“Comprehensive means removing barriers for trade in goods, trade in services, for investments, opening up of markets and to negotiate trade and sustainable development. Unfortunately, since the suspension of talks in 2017, we are not close,” the official said. “India maintains a quiet protectionist stance when it comes to offering us tariff relaxations.”
Also read: European Union is ‘keener’ to seal trade pacts with India than discuss Kashmir & CAA
Agreement on investment in doldrums
New Delhi and Brussels have also not been able to find common ground on the issue of investment.
The EU remains firm on completing these talks even if talks for the larger trade pact continue. However, according to official sources, India has made it clear to the European Union that it will not negotiate the pact on investment “separately” from trade.
This became a sore point between the two when in 2016 India cancelled all investment treaties with EU member countries as New Delhi came out with a new model Bilateral Investment Treaty (BIT) text in April 2016.
“That was most unfortunate… We do not expect such behaviour from future FTA partners. It was not the right thing to do. It created uncertainty for us,” the EU official said.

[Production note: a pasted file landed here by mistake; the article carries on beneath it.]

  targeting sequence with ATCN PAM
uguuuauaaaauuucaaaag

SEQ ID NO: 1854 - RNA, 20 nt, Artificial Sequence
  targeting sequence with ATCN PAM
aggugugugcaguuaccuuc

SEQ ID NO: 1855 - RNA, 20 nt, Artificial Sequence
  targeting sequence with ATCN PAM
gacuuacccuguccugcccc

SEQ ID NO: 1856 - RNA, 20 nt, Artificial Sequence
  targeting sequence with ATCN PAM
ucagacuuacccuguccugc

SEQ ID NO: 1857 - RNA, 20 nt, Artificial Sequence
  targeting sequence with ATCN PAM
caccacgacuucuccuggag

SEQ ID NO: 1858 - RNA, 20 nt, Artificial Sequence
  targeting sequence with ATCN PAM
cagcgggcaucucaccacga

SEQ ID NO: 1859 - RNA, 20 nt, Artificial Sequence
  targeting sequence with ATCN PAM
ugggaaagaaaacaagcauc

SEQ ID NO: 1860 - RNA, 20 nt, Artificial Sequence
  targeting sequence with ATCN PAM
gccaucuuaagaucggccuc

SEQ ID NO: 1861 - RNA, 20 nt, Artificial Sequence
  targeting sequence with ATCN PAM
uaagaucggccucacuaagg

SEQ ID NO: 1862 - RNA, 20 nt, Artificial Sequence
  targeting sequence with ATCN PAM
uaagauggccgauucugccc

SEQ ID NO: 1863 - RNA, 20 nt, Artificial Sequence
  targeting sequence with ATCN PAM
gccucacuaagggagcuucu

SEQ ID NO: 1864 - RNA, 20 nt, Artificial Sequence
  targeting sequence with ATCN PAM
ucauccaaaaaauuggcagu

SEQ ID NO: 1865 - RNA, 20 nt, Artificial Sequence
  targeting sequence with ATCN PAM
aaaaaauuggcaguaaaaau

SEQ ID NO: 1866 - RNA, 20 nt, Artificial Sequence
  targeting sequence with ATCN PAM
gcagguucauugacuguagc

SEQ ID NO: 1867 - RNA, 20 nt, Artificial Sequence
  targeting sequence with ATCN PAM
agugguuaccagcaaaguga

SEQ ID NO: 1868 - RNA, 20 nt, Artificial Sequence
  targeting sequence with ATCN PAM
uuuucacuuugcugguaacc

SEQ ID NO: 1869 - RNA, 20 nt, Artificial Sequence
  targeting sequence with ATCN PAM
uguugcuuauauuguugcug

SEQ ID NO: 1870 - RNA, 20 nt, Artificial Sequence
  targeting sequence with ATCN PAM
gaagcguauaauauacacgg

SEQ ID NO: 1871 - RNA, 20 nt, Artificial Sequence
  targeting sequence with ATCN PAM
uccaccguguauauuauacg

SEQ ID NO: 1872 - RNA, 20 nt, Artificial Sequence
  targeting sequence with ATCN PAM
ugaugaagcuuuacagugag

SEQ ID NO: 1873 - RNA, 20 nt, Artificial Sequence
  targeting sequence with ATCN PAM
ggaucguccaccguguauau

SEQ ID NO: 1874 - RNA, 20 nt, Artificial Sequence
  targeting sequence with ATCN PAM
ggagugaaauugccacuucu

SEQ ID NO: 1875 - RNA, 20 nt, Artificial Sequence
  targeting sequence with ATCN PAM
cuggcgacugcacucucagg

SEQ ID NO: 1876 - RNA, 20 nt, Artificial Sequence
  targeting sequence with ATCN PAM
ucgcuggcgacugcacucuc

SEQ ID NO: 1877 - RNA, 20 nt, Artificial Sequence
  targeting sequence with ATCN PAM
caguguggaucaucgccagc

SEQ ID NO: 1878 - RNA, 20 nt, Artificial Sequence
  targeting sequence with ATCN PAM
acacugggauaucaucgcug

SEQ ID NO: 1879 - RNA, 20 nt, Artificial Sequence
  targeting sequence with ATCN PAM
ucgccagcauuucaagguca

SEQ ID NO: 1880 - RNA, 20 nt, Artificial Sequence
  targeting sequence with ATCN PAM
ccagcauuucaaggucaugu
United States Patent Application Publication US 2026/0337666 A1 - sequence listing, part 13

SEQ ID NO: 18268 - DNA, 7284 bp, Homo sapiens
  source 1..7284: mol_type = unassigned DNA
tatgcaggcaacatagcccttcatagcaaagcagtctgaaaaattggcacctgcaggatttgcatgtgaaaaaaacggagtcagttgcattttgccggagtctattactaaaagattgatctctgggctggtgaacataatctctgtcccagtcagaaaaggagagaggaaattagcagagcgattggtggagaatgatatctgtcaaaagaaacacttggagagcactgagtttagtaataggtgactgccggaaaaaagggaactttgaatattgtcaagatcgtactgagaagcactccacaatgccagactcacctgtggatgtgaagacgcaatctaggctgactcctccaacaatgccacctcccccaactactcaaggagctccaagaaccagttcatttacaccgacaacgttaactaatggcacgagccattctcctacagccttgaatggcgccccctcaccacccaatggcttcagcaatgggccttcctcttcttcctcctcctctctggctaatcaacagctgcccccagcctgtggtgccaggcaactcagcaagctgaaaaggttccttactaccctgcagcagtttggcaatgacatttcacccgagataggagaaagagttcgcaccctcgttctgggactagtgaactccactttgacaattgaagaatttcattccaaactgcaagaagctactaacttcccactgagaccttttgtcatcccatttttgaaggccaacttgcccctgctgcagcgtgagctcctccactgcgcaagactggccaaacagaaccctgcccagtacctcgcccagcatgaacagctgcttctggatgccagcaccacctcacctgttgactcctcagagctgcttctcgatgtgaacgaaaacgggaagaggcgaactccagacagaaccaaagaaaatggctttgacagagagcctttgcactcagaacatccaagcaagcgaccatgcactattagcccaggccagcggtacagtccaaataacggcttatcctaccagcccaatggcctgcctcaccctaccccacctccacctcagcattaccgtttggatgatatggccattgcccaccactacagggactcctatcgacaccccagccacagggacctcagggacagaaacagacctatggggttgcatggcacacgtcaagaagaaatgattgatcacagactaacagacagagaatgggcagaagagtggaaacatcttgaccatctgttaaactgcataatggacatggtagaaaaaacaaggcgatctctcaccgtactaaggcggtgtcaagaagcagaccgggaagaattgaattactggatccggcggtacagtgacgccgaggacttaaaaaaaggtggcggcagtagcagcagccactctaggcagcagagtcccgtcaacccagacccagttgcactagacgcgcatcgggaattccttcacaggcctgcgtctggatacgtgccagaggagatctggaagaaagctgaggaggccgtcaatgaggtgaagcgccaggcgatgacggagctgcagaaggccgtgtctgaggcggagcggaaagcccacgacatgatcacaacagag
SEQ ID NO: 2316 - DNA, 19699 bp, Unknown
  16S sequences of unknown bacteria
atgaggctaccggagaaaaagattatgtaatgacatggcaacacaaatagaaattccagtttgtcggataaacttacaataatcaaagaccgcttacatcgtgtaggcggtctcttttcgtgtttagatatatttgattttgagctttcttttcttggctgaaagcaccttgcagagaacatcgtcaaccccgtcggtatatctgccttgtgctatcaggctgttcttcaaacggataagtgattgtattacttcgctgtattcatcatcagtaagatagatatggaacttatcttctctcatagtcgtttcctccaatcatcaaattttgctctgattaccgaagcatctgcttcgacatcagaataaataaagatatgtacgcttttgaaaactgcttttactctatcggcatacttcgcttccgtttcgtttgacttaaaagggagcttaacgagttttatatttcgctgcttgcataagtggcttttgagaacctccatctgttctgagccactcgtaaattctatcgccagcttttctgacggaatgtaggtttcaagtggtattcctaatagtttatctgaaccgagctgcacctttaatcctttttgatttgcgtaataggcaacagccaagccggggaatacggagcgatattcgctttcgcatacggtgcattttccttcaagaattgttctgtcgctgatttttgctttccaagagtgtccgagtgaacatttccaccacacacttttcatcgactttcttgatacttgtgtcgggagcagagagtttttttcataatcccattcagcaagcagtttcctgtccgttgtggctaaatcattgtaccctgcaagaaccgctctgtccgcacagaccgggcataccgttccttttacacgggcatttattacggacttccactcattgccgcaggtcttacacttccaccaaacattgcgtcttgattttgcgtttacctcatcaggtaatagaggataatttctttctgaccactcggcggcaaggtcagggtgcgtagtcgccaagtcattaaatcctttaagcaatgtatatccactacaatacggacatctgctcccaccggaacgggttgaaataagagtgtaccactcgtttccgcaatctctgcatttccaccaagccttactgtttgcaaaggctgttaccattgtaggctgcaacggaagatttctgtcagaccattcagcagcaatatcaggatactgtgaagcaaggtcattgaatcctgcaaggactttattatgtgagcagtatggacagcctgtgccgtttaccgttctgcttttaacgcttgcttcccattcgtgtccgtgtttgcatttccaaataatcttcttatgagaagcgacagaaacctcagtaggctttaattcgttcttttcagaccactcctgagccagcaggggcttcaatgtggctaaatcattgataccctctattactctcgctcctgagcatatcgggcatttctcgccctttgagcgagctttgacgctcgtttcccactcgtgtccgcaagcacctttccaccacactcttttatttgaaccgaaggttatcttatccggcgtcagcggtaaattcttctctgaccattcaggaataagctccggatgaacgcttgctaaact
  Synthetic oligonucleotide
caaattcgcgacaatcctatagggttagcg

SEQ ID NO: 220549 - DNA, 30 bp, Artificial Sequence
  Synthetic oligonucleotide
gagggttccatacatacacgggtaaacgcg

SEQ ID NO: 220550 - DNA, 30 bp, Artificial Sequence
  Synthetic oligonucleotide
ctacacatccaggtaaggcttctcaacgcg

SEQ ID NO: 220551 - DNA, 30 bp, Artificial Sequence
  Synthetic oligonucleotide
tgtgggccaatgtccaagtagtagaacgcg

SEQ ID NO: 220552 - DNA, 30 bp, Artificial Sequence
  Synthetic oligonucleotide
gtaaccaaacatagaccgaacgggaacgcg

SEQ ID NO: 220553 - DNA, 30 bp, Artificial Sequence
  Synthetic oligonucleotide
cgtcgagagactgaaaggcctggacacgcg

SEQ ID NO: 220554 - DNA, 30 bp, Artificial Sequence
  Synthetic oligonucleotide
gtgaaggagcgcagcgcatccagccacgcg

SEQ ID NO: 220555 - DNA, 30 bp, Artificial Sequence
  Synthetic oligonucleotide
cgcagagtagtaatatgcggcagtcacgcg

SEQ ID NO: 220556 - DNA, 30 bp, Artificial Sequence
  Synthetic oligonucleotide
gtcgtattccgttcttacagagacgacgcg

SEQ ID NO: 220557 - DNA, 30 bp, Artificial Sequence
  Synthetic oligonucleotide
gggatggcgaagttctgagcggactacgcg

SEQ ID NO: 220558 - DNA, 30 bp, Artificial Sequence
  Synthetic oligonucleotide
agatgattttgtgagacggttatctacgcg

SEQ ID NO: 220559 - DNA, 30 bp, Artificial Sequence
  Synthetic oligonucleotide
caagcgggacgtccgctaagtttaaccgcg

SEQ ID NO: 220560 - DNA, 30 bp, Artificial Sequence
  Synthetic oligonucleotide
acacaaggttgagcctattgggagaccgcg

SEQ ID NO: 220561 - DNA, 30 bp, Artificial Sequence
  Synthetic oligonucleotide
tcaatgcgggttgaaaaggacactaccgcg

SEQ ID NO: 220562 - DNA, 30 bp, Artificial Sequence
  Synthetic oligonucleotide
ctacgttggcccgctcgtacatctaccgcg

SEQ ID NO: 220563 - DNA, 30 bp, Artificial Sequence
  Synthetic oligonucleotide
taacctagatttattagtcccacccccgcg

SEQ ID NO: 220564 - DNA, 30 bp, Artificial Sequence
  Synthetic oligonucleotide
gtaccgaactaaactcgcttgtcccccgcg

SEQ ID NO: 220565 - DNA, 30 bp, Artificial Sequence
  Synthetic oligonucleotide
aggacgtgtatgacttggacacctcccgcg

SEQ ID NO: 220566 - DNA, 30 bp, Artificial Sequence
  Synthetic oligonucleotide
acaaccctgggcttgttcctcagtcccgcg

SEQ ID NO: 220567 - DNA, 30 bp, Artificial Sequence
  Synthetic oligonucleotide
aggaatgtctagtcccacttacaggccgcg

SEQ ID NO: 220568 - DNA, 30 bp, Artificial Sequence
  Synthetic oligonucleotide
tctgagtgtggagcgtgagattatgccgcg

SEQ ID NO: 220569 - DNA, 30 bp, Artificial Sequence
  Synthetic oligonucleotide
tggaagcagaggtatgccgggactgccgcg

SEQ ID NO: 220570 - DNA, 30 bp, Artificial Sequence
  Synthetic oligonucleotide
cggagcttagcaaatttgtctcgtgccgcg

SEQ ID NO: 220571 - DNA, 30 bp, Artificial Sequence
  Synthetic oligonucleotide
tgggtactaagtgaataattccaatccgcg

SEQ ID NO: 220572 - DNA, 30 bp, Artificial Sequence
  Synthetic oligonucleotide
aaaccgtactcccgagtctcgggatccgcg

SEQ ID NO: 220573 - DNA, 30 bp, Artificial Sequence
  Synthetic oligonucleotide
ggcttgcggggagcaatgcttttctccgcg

In 2017, EU even offered to sign a comprehensive investment pact separately, but India is still opposed to it, a source said.
India is also opposed to negotiating sustainable development issues such as labour laws and climate changes issues under the FTA, sources said. This has also a been a point of contention for the past 13 years.
Strategic relationship to be enhanced
At Tuesday’s 15th summit, the two sides are expected to officially adopt the ‘EU-India Strategic Partnership: A Roadmap to 2025’, which will seek to enhance strategic and security ties between both sides.
On tensions between India and China over the ongoing border stand-off at the Ladakh sector of the Line of Actual Control (LAC), the EU said it is hopeful that military and diplomatic level talks will bring down the temperatures.
“As EU, we would like to see good neighbourly relations between India and China…We know India has a very intensive relationship with China, we also have very intensive relationship with China. On the clashes at the border, it is important that both sides are talking to each other,” a second EU official said.
The EU is also expected to raise the issue of human rights with India during the summit.
Last year, the EU had also expressed concerns over India’s move to scrap Article 370, which took away the special status of Jammu and Kashmir, and the Citizenship Amendment Act, which led to widespread protests and counter-protests across the country.
In January this year, the Strasbourg-based European Parliament, the EU’s legislative branch, debated a joint resolution on Kashmir as well as the CAA, which stands deferred as of now.
In May, India also joined an international investigation on the origins of the novel coronavirus, an initiative led by the EU and Australia.